Three of the seven non-English language entries are found among the automatic finalists, which this year consists of the “Big Five”, the host nation Austria, and “guest” competitor Australia.  Which of them will crack the Top Ten in the finals?  Since the running order will not be known until the finalists are selected, I’ll present them in alphabetical order as follows:

AUSTRALIA: “Tonight Again” – Guy Sebastian.  Eurovision fans were hoping that this country would be represented by superstar Kylie Minogue.  Many of them were let down that it was another person instead.  But then again, one must need to consider that this fellow knows all about competing, as he is the first winner of Australian Idol.  There was talk about the possible scenario on who would host if this entry wins, but though it is a strong entry, I think Sweden, Italy, Norway, and Azerbaijan are more formidable.  I’ll expect a strong Top Ten to Top Five showing for this pop/R&B jam.

AUSTRIA: “I Am Yours” – The Makemakes.  Bo Bice, what are you doing representing Austria in this contest?  Doesn’t the lead singer of this band physically and vocally resemble that American Idol Season 4 runner-up, albeit singing in a more R&B style than what you would expect from the soulful Southern-fried rocker.  This is not expected to duplicate Conchita’s victory, but it will fare respectably.

FRANCE: “N’Oubliez pas [Don’t forget]” – Lisa Angell.  After the debacle that was Twin Twin’s “Moustache” last year, this country is expected to shore up its fortunes with this entry.  It’s clearly more tasteful and respectable, but though I don’t expect this to languish in the bottom like last year, I think its best prospects is a middle-pack showing.

GERMANY: “Black Smoke” – Ann Sophie.  On its merits, it’s a well-written pop song, and also well sung.  Many Eurovision observers and pundits feel this has what it takes to place in the Top Ten overall.  I agree with their assessment.  Not bad for an entry that was actually the runner-up in the national finals.

The national finals is an interesting story.  The actual winner was  Andreas Kummerz, who previously won The Voice of Germany in 2013, with “Heart of Stone”.  Listening to the actual winning entry, I feel that there is a good basis why it won–it’s a catchier song, and Andreas Kummerz is a soulful force of nature.  So why did he decline the “honor” to compete for Germany immediately after being declared the winner? My speculation is Andreas was not really aiming to win but simply to showcase this wonderful, soulfully sung American-style number, and besides that, he probably feels he’s not the sort who can create a good visual image that is needed to make serious inroads in this contest.  But then again, I have a feeling his “anti-charismatic” image may actually work to his benefit if he actually competed in this contest.  His singing chops are just too formidable, and the song is so deliciously good, he could’ve probably have a near-guaranteed Top Five placement with that song.  Such a shame we are only left with a “what-if” scenario.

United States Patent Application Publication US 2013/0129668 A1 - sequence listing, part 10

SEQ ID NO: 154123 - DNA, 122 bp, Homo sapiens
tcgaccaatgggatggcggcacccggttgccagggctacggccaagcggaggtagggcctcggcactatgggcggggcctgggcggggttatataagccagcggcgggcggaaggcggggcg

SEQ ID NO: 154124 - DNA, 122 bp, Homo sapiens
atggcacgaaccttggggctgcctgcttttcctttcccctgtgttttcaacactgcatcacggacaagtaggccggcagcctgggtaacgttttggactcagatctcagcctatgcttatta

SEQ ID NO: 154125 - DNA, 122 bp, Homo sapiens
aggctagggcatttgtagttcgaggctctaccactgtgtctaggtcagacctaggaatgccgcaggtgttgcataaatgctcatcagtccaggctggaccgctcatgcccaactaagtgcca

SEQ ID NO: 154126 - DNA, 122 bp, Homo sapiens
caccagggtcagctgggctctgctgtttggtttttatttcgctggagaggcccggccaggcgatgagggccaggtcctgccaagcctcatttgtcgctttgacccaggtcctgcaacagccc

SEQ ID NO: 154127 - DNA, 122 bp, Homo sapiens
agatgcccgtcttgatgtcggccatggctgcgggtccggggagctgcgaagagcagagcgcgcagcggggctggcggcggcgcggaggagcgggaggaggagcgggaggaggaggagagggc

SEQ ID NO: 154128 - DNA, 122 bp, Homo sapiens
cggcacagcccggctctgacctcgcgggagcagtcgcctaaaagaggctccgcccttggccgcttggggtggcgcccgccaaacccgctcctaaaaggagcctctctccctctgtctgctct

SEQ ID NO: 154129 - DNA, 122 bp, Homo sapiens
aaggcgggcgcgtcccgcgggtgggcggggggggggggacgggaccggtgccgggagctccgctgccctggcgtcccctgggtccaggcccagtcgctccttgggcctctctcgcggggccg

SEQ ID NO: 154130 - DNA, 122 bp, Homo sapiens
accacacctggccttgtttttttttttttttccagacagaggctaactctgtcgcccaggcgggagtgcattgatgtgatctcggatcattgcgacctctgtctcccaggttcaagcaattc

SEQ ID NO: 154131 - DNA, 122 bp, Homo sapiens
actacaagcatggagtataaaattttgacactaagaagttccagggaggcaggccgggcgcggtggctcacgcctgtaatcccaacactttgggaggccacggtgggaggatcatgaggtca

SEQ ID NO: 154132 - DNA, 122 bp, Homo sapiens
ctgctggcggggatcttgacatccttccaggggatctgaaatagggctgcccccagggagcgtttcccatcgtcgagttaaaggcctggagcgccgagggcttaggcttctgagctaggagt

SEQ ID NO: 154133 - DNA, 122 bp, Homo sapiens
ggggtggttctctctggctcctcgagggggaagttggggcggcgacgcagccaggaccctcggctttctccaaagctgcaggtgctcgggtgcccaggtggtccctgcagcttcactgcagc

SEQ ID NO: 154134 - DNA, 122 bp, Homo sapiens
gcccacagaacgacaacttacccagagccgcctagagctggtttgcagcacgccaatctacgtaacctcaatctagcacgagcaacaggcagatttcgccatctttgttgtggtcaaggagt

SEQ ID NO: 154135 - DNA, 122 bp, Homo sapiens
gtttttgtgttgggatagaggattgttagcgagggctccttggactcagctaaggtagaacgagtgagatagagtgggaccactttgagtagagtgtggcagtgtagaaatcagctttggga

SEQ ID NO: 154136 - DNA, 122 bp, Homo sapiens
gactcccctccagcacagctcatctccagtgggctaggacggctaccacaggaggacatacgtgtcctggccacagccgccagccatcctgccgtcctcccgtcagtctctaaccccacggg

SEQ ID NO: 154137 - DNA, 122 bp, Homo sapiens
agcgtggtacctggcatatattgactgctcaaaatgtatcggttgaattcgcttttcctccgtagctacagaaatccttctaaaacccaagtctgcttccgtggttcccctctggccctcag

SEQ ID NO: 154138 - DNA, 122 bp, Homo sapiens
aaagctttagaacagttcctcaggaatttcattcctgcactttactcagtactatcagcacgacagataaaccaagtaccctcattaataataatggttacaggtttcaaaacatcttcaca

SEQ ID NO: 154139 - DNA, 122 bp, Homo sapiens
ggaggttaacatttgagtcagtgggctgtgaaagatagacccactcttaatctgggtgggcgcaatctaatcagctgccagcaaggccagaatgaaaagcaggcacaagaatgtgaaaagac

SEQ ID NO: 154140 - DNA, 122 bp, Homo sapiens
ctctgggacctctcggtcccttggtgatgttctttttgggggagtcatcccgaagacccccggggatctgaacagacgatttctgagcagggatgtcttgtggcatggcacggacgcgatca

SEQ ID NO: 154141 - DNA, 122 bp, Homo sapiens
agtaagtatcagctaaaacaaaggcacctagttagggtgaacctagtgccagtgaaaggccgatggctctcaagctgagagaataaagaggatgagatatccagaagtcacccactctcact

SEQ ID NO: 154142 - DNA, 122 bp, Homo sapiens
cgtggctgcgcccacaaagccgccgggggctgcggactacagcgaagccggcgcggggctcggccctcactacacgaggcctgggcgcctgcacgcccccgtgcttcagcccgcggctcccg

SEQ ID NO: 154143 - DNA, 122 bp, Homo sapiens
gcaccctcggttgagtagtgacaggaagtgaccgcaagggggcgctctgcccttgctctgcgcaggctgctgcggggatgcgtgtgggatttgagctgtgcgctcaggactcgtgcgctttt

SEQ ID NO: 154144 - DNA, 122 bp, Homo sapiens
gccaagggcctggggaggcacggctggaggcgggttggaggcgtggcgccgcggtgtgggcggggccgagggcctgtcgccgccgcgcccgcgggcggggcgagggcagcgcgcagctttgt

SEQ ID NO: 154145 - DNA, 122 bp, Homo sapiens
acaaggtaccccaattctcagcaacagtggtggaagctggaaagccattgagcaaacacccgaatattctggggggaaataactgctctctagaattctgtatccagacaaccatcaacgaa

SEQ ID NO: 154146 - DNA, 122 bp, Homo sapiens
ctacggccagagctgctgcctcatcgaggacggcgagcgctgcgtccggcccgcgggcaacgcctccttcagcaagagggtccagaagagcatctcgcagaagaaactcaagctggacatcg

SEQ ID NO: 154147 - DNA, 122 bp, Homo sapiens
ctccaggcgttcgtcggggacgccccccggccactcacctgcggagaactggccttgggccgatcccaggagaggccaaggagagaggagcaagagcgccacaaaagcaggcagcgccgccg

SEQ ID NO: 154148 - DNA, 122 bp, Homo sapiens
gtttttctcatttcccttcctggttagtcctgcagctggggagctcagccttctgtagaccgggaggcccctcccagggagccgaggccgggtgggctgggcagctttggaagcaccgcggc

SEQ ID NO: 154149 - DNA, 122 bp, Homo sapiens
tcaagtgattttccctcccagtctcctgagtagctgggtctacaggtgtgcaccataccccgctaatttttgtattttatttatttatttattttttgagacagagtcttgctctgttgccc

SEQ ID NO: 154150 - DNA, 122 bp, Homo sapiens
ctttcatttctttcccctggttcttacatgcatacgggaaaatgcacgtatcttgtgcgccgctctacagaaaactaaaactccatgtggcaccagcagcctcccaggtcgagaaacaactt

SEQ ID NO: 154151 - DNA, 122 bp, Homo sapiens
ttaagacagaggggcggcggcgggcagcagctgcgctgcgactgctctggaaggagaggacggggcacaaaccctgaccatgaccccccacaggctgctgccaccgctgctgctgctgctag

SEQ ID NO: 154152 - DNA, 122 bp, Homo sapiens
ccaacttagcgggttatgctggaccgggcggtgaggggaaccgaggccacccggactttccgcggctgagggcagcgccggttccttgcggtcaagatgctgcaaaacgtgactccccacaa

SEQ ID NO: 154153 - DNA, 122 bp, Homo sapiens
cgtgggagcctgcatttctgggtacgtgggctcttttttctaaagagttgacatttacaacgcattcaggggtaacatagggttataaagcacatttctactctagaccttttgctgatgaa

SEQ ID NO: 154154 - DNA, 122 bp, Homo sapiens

ITALY:  “Grande Amore [Great Love]” – Il Volo.  I was aware of this operatic trio a few years ago as they promoted their debut album on an episode of American Idol.  Their album made the Top 10 in America and elsewhere around the world.  I think they felt since then they needed an extra kickstart for their career, so they competed at famous San Remo Song Festival, won, and got the right to compete in this contest.  With this lush pop operatic ballad, they might even win it all judging from the buzz amongst Eurovision observers and pundits.  So far it looks like there is a North-South divide in terms on choice of winner: the Northern European states tend to prefer Sweden, while the Southern European states tend to prefer this entry.  Let’s see how this all plays out when the finals come.

SPAIN: “Amanecer [Dawn]” – Edurne.  Again Spain decides to field a female soloist with formidable vocal chops.  But unlike Pastora Soler’s “Quedate Conmigo” and Ruth Lorenzo’s “Dancing in the Rain”, this one is not really a ballad.  It’s a bit too fast to be a ballad, but I can’t say it’s an uptempo number either.  I’ll just call this a classically tinged epic piece instead.  For the performance in the finals, the Spanish contingent will feature a hunky male dancer to accompany Edurne and interpret the lyrics of the song.  A Top Ten placement seems to be assured–but now the question is, can it rank above 10th place?